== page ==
Former Neighbors React to Winkler’s Sentence

By  | 

Knoxville (WVLT) - Knoxville native Mary Freeman Winkler is on the way to jail, but not for long.

A judge gave Winkler a three year sentence in connection with the shotgun slaying of her minister husband Matthew in march of 2006.

She was taken into custody immediately and will serve 210 days in jail, though sixty can be served in a mental health care facility.

Jim Freeman spoke with some of her old neighbors here in South Knoxville.

Certainly a bit on the awkward side, but the comments are very supportive.

Neighbors along Frontier Trail in South Knoxville shared their thoughts with me this afternoon about the sentencing of Mary Carol Freeman Winkler. And they spoke fondly of the girl who used to live just down the street. The girl many call ‘Carol’.

"I just believe that she should get a lighter sentence. I know what she did was wrong, but if I knew the whole story, it might be different,” says Mary Cook.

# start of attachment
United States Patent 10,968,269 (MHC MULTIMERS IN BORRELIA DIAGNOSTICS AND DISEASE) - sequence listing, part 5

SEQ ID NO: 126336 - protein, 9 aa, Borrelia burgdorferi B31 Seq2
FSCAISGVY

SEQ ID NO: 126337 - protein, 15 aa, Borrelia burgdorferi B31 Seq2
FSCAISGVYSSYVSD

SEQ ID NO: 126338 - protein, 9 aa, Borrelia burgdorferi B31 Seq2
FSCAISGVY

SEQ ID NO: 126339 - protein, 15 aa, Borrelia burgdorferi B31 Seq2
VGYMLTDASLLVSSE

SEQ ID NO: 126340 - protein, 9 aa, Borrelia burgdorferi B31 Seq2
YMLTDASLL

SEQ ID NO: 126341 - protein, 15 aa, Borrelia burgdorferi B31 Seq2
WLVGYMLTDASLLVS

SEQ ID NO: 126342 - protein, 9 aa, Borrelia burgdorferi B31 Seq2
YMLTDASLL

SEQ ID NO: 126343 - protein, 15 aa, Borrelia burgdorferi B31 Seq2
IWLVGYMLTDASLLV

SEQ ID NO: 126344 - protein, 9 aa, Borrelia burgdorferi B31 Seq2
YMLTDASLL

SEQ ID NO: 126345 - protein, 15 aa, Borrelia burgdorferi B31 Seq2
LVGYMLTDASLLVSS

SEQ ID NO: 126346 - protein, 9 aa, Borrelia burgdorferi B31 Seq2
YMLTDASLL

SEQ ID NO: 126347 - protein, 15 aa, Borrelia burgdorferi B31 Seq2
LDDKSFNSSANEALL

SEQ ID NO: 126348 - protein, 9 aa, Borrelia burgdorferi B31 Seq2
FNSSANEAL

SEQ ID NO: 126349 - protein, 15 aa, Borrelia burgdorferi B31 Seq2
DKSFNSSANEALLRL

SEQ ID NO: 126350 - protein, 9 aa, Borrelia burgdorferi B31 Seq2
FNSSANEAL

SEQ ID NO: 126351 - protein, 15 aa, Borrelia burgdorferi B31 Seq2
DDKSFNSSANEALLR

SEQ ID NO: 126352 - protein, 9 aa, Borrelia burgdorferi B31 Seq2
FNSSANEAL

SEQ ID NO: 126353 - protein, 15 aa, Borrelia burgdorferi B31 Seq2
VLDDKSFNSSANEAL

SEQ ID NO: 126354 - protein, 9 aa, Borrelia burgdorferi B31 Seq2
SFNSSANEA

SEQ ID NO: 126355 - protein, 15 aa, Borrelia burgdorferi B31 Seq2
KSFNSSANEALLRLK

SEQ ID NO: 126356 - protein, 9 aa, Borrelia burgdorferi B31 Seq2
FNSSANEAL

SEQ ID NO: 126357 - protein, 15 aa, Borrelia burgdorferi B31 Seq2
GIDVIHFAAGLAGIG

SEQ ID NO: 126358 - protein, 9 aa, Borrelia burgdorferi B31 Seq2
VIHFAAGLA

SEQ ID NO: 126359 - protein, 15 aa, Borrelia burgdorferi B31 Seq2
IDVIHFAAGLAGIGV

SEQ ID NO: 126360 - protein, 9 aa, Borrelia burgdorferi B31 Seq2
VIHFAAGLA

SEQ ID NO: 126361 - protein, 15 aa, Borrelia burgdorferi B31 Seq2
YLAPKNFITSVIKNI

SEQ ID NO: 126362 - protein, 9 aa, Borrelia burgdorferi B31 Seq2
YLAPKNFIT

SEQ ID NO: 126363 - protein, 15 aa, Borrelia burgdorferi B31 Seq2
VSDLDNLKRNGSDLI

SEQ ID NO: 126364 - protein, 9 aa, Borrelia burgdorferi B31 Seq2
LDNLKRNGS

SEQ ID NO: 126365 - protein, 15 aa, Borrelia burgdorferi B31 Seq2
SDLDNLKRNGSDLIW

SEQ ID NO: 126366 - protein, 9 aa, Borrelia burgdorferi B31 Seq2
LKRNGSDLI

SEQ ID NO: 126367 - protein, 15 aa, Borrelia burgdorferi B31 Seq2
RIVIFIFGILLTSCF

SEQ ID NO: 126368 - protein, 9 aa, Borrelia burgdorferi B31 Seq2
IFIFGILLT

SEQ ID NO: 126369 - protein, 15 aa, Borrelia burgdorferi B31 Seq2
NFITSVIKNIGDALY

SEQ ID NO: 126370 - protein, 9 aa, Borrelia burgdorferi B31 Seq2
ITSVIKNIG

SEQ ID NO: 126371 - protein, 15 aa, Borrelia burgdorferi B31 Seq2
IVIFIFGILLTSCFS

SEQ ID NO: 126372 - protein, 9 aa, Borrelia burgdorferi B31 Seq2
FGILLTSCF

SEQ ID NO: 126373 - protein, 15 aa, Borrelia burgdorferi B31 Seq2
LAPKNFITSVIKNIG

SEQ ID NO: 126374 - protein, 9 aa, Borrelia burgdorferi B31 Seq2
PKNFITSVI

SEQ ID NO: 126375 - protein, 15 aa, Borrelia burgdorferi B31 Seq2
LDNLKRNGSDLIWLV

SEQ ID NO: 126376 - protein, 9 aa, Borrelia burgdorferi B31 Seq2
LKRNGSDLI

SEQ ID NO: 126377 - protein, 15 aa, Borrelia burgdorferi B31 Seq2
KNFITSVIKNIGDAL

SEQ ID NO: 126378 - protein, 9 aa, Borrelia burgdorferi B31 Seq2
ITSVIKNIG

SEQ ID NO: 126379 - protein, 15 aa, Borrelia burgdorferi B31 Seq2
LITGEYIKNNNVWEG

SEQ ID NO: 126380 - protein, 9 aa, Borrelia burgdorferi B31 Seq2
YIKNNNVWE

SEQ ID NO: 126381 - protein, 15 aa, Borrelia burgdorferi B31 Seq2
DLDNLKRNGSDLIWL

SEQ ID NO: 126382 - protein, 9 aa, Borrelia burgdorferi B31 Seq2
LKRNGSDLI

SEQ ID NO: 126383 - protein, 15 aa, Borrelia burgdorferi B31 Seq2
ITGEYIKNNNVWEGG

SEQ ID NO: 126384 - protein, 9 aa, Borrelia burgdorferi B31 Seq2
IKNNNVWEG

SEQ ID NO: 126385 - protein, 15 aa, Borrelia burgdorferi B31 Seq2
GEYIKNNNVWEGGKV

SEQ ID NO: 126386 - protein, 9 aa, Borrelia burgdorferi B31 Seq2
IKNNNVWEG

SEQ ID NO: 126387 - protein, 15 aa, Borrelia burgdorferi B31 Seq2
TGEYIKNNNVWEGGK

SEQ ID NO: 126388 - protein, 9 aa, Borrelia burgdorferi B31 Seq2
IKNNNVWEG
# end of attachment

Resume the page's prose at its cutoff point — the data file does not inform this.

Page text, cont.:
Ruth Lawson's daughter attended South Doyle High with Mary Winkler. Mary even spent time at the Lawson home as a youngster. “Well, I hope she gets off and is able to get custody of her children again because she's a very loving person and a very loving mother to her children."

Eugene McCammon lives across the street from the home where Mary's father, Clark Freeman, still lives. "I don't have any, you know, any strong feelings that I hope this will happen or something else happen mainly because I think it's a legal issue and so I trust the court."

Hearts go out throughout the neighborhood Mary Winkler once called home.

"I hope it's probation,” David McMahan says before the sentence is handed down.

"I just don't think that she should be sentenced you know to the full extent,” says Margaret Hughett.

Winkler's attorneys certainly fought to keep her from serving to that full extent.

"I think her attorneys have done a masterful job. I'm no attorney. But I can't imagine any better defense than they put up,” McCammon says.



 
Comments are posted from viewers like you and do not always reflect the views of this station.
powered by Disqus